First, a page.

One obvious incentive is a reduction in road (congestion) charges. Other examples are priority status on the use of special high-speed High Occupancy Vehicle (HOV) lanes or convenient discounted parking in city centres. There is a multiplicity of possible incentive schemes that could be employed to promote ride sharing within the context of congestion charging systems at either a national or local (city) level. It is important to note that these schemes can be entirely voluntary. Those who wish to go solo may continue doing so but at a noticeable higher cost. (£1.50 per mile as opposed to say £1.00 per mile with 1 passenger or £0.75 with 2 passengers etc.).
Vehicle occupancy has so far been absent from the UK road-charging proposition The technical challenge is reliable verification of the number of vehicle occupants. Past studies show that any form of verification that depends on devices outside the vehicle (such as cameras) is inherently flawed. The experience in the USA shows that costly police enforcement is often lax and the fraudulent use of HOV lanes by solo drivers can be as high as 30%.
Two noteworthy studies in this field are: (1) Automated Vehicle Occupancy Monitoring Systems for HOV/HOT Facilities—Consultants report commissioned by the Ontario Ministry of Transport. (2) Automated Vehicle Occupancy Technologies Study, a 12-month project financially underwritten by the HOV Pooled Fund, a HOV development funding mechanism supported by numerous US State Departments of Transportation (DOTs) and the US Federal Highways Agency.
Automated Vehicle Occupancy Monitoring Systems for HOV/HOT Facilities. The Key findings of this study are: (1) Detecting occupancy from outside the vehicle is inherently flawed, solutions must start from inside the vehicle and build outwards, (2) Occupancy monitoring involves significant in-vehicle, roadside and back-office costs, (3) Some technologies are identified to address the problem of which two: mechanical systems and weight sensors are in use today.
Automated Vehicle Occupancy Technologies Study. The underling issue responsible for launching this project was the widespread consensus amongst HOV facility operators that vehicle occupancy verification is a principal impediment to more efficient HOV lane enforcement. The objective of this project is to identify, compile, and systematically evaluate concepts, methods, and technologies for automated vehicle occupancy detection, verification and enforcement that are being researched, under development and on the horizon in the United States and abroad. Findings will be used to assist in identifying, developing, and implementing cost-effective, automated techniques for verifying and enforcing vehicle occupancy to enable the offering of the high occupancy vehicle (HOV) preference in an effective way.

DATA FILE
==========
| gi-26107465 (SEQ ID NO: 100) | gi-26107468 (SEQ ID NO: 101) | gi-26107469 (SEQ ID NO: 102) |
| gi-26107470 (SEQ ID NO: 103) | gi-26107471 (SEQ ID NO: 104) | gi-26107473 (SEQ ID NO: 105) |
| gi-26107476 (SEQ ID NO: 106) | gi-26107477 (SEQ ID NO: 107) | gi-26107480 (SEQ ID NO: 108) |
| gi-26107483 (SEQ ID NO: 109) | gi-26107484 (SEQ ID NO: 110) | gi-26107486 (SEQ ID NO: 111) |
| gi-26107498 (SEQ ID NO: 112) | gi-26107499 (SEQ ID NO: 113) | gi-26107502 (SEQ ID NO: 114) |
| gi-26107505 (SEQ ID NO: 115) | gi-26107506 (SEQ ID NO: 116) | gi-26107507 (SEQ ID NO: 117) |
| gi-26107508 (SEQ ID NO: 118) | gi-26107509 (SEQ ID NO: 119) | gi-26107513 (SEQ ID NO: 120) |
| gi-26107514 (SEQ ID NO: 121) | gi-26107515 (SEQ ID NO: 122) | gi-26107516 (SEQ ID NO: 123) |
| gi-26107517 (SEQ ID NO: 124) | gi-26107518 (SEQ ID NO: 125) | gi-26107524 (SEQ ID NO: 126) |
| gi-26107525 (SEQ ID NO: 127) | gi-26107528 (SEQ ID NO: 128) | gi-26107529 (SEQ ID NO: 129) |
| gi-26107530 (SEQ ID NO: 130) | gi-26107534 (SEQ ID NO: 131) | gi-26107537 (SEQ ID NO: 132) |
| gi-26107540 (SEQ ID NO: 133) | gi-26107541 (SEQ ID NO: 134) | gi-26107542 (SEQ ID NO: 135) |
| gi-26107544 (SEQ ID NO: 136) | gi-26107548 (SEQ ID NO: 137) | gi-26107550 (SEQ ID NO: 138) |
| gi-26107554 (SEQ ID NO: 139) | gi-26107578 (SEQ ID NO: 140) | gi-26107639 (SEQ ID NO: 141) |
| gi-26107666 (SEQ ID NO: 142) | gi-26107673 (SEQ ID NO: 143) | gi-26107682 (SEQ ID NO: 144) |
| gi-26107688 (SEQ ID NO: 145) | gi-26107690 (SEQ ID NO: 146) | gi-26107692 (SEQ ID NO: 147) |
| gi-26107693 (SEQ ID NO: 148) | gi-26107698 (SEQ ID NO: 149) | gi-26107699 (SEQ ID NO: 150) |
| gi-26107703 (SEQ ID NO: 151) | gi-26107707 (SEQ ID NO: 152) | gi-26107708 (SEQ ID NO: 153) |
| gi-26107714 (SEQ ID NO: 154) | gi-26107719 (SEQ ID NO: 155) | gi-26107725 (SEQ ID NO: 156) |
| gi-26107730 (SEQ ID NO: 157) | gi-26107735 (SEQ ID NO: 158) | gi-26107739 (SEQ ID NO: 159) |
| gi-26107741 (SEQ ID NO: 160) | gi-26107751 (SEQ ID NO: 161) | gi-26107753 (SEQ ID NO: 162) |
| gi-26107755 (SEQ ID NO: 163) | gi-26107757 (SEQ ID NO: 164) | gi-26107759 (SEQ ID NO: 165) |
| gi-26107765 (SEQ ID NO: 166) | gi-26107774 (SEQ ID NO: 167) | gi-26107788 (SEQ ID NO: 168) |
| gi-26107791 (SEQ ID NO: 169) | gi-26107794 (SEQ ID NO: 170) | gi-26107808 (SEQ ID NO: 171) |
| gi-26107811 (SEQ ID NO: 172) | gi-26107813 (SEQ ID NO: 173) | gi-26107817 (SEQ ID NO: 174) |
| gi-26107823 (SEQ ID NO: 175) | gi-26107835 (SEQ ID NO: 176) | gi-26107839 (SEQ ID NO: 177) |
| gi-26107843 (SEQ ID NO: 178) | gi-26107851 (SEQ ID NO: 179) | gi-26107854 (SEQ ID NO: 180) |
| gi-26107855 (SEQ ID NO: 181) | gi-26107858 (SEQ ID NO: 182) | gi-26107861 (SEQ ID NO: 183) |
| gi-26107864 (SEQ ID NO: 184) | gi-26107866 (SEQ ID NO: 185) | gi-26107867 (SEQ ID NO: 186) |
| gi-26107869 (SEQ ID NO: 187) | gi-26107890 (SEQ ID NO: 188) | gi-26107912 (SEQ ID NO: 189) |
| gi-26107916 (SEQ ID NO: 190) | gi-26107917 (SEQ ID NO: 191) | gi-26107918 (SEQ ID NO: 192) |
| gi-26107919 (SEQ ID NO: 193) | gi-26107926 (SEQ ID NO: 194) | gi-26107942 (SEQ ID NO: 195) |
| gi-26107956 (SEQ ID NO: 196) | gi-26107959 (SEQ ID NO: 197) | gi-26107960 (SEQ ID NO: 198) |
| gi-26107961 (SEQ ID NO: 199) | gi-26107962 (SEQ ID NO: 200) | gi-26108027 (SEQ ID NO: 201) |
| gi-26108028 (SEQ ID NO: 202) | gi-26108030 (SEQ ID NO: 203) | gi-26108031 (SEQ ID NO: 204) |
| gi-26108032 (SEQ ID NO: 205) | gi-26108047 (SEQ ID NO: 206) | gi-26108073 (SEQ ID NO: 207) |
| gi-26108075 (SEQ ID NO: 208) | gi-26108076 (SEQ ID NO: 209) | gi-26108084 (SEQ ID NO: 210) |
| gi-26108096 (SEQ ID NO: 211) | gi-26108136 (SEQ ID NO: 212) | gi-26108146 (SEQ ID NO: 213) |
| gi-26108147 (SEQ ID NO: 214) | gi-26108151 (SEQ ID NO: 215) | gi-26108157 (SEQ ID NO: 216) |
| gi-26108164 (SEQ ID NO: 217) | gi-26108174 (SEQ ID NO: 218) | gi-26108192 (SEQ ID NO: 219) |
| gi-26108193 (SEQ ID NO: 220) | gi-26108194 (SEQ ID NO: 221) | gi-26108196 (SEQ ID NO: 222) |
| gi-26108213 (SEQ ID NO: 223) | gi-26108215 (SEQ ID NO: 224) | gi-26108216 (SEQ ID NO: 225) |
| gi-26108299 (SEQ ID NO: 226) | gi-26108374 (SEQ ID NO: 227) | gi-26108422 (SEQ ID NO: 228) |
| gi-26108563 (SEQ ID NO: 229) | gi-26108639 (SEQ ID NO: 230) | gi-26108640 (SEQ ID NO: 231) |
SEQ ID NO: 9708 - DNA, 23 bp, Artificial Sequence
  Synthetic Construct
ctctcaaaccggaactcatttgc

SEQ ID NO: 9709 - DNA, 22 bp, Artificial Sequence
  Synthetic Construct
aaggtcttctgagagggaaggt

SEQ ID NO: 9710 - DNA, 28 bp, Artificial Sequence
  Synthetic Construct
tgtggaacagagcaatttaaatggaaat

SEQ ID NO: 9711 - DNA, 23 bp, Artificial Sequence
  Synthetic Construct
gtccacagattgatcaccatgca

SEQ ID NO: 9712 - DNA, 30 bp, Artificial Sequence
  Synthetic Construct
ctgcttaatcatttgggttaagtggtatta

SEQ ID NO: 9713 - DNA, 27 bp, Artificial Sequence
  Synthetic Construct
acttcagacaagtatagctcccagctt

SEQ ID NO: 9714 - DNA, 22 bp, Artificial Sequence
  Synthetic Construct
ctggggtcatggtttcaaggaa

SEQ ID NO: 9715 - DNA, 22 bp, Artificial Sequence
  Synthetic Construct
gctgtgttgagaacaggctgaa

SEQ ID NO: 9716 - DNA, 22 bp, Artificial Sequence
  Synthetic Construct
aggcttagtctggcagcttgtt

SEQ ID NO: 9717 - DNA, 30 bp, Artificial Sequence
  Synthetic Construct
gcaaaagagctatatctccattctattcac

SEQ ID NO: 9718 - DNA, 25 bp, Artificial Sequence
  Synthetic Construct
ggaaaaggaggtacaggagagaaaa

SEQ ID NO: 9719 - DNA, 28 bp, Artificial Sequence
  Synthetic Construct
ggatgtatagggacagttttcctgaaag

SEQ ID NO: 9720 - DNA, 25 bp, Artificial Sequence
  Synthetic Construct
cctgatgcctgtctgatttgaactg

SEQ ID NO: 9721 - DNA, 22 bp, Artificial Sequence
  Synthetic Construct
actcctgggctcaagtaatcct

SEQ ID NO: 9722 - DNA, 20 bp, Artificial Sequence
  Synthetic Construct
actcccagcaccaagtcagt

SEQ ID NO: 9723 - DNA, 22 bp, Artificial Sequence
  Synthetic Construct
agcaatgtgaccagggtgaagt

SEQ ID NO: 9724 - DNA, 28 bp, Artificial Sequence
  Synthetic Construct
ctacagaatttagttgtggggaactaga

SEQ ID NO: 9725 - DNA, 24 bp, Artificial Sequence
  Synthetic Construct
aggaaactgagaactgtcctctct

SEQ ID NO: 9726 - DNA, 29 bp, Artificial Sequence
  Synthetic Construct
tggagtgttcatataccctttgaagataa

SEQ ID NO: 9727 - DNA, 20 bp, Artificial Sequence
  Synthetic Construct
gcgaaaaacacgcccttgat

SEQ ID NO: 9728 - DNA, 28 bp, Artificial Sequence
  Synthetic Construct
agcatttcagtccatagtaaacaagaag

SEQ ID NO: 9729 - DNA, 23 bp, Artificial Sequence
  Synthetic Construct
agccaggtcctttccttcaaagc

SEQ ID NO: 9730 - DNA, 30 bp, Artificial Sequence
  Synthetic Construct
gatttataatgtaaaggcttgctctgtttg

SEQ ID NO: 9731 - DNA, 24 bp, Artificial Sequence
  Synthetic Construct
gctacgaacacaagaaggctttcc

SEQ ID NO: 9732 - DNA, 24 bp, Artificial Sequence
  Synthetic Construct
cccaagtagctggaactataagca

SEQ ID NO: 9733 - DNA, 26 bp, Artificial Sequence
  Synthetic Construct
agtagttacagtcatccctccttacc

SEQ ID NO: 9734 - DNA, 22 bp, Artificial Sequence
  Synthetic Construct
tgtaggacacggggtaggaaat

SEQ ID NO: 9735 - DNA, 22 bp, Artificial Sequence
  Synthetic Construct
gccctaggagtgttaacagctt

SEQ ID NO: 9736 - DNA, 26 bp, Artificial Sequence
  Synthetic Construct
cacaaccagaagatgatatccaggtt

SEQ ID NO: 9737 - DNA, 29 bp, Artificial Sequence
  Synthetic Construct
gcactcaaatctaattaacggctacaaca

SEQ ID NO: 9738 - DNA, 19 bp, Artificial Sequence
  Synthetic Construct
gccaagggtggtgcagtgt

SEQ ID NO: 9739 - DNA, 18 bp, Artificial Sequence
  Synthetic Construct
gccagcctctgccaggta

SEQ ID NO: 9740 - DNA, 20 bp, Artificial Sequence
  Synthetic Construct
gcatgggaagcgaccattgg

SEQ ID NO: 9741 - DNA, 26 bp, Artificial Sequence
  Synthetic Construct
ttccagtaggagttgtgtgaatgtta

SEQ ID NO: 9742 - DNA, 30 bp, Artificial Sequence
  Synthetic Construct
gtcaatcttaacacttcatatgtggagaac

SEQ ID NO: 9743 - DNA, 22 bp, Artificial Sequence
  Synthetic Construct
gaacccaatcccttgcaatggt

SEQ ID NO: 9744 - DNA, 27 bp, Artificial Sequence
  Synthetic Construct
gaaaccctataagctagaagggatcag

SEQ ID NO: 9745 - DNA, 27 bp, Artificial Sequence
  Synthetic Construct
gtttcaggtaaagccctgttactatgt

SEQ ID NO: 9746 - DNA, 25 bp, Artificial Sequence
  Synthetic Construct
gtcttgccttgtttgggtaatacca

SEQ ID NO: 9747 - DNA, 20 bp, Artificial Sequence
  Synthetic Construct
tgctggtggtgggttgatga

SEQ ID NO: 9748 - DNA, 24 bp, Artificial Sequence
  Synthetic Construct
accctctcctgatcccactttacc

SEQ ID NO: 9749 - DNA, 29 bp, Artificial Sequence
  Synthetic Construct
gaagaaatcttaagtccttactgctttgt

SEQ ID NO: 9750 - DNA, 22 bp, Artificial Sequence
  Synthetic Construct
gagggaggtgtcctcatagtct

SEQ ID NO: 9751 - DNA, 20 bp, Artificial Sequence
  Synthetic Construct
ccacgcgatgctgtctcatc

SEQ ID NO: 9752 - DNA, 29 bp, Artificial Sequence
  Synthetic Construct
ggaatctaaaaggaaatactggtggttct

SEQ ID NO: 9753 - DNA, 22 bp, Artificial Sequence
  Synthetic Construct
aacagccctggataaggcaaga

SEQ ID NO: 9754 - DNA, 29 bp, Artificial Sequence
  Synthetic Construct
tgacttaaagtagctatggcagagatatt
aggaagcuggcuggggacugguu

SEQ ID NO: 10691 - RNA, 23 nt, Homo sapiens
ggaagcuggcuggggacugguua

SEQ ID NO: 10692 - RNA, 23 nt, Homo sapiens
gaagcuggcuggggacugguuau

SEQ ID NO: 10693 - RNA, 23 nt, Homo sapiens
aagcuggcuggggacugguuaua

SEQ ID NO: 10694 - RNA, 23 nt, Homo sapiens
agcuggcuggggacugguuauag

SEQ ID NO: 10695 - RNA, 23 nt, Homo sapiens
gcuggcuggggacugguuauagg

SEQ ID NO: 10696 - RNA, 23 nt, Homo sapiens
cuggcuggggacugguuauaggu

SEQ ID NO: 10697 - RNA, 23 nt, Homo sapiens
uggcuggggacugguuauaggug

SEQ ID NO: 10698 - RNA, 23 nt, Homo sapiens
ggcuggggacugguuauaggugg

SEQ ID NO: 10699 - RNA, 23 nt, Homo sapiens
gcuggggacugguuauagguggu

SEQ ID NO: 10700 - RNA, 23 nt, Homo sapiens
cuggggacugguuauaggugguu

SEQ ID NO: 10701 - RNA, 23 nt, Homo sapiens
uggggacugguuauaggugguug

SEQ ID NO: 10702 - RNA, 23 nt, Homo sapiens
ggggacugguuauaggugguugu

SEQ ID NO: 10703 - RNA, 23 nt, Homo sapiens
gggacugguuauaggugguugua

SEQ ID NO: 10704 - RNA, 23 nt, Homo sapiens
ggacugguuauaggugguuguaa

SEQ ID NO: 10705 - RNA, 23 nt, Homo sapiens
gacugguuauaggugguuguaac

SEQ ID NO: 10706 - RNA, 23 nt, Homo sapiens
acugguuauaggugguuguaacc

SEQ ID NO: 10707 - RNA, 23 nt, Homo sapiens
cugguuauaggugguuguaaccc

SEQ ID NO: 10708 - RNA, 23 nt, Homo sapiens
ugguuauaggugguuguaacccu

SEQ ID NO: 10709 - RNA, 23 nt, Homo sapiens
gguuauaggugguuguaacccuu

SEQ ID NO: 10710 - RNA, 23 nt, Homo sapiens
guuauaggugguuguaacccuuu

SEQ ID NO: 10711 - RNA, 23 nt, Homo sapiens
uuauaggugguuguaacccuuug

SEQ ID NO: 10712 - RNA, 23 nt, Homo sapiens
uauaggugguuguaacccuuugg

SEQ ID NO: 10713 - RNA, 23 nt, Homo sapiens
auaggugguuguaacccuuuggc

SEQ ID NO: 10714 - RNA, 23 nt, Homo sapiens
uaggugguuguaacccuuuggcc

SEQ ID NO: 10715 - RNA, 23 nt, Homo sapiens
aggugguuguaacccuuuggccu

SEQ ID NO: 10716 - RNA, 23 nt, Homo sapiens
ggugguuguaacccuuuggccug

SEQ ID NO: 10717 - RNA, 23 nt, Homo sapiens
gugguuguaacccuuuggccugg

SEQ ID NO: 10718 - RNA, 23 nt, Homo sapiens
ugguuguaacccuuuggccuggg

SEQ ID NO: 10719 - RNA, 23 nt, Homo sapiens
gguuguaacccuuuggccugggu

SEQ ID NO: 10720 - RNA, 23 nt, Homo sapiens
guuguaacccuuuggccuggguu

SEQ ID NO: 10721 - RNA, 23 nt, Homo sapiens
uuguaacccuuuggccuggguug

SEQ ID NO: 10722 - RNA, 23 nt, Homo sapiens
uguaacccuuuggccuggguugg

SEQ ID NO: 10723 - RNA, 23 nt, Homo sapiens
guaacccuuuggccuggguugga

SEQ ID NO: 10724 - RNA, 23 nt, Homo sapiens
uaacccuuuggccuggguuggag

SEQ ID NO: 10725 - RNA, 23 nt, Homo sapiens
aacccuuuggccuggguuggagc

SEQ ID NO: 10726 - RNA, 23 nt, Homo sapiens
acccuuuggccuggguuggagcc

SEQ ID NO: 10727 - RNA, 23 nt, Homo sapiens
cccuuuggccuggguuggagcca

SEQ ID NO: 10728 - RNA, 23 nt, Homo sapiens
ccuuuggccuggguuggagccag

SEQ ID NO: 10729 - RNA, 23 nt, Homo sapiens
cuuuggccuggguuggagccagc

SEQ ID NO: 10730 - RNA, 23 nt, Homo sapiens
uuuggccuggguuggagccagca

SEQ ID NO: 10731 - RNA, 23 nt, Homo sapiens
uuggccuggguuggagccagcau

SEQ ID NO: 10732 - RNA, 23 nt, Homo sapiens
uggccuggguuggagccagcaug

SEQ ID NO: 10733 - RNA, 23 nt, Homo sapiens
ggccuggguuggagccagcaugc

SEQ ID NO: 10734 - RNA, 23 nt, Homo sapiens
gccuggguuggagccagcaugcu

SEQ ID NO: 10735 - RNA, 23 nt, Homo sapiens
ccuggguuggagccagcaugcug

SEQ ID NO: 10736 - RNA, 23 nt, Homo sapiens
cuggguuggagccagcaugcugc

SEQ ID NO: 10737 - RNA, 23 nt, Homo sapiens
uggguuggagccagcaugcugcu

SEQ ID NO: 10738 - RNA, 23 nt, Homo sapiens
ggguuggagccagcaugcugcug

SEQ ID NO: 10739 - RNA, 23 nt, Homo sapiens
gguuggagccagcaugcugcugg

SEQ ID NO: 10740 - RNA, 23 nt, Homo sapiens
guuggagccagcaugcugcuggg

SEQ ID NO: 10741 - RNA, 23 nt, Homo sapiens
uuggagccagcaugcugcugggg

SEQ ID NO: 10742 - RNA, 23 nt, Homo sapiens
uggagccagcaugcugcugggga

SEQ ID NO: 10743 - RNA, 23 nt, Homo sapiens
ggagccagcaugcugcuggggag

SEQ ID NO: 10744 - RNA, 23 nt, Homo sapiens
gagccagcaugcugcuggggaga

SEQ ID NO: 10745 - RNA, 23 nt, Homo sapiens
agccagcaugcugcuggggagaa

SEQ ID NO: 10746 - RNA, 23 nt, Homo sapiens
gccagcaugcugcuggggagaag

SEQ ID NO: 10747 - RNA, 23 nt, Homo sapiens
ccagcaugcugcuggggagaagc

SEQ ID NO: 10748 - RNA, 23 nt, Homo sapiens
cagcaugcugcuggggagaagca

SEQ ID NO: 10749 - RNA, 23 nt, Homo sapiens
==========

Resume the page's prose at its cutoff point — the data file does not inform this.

Two in-vehicle technologies of particular merit and promise are identified out of ten candidates, weight sensing (in seats) and 3D Time of Flight Imaging. However the report notes that a key disadvantage of weight sensing for HOV occupancy detection is that it can be fooled—meaning by simply placing weights on the seats “passengers” can be created which would seem to make it unsuitable for this application.
3D optical time of flight (TOF) imaging is a type of radar range measurement. It employs active sources (mostly lasers) that emit either short pulses or continuous wave modulated beams and evaluate the delay or phase shift of the beam reflected from a distant object. TOF based 3D sensors work reliably on textured and non-textured surfaces, they work regardless of the ambient lighting conditions, and they can be packaged in a small form. The key disadvantage of TOF Imaging is that it requires line of sight. In addition to TOF Imaging there are several technologies that use various forms of measuring changes in electromagnetic fields within the passenger compartment to detect vehicle occupancy.
These in-vehicle technologies for occupancy detection have been developed as a response to occupant safety concerning air bag deployment and the U.S. Federal Motor Vehicle Safety Occupant Crash Protection Standard (FMVSS 208) mandating the use of advanced or “smart” air bags in the front seats of new vehicles sold. A compliance of 35% is required for 2007 models. By 2009 and thereafter all vehicles must be equipped with smart air bags that deploy according to passenger size, weight and seating position. Occupancy detection systems are consequently a critical part of smart air bag systems. This is creating enormous financial incentives for researchers and represents a major investment by manufacturers. Although the Standard applies only to vehicles sold in the U.S. similar requirements may emerge in Europe and elsewhere.
From a road usage charging perspective it needs to be noted that with FMVSS 208 only the driver and front seat passenger would be detected. Second, any strategy based on new-vehicle equipage must cope with the fact that it takes about 20 years for 95% of the fleet to be replaced. What is required is a very low cost, easy to implement, in-vehicle, aftermarket solution that makes a compelling case for putting vehicle occupancy on the road usage charging agenda. Wireless communications technologies are well suited to provide such a solution.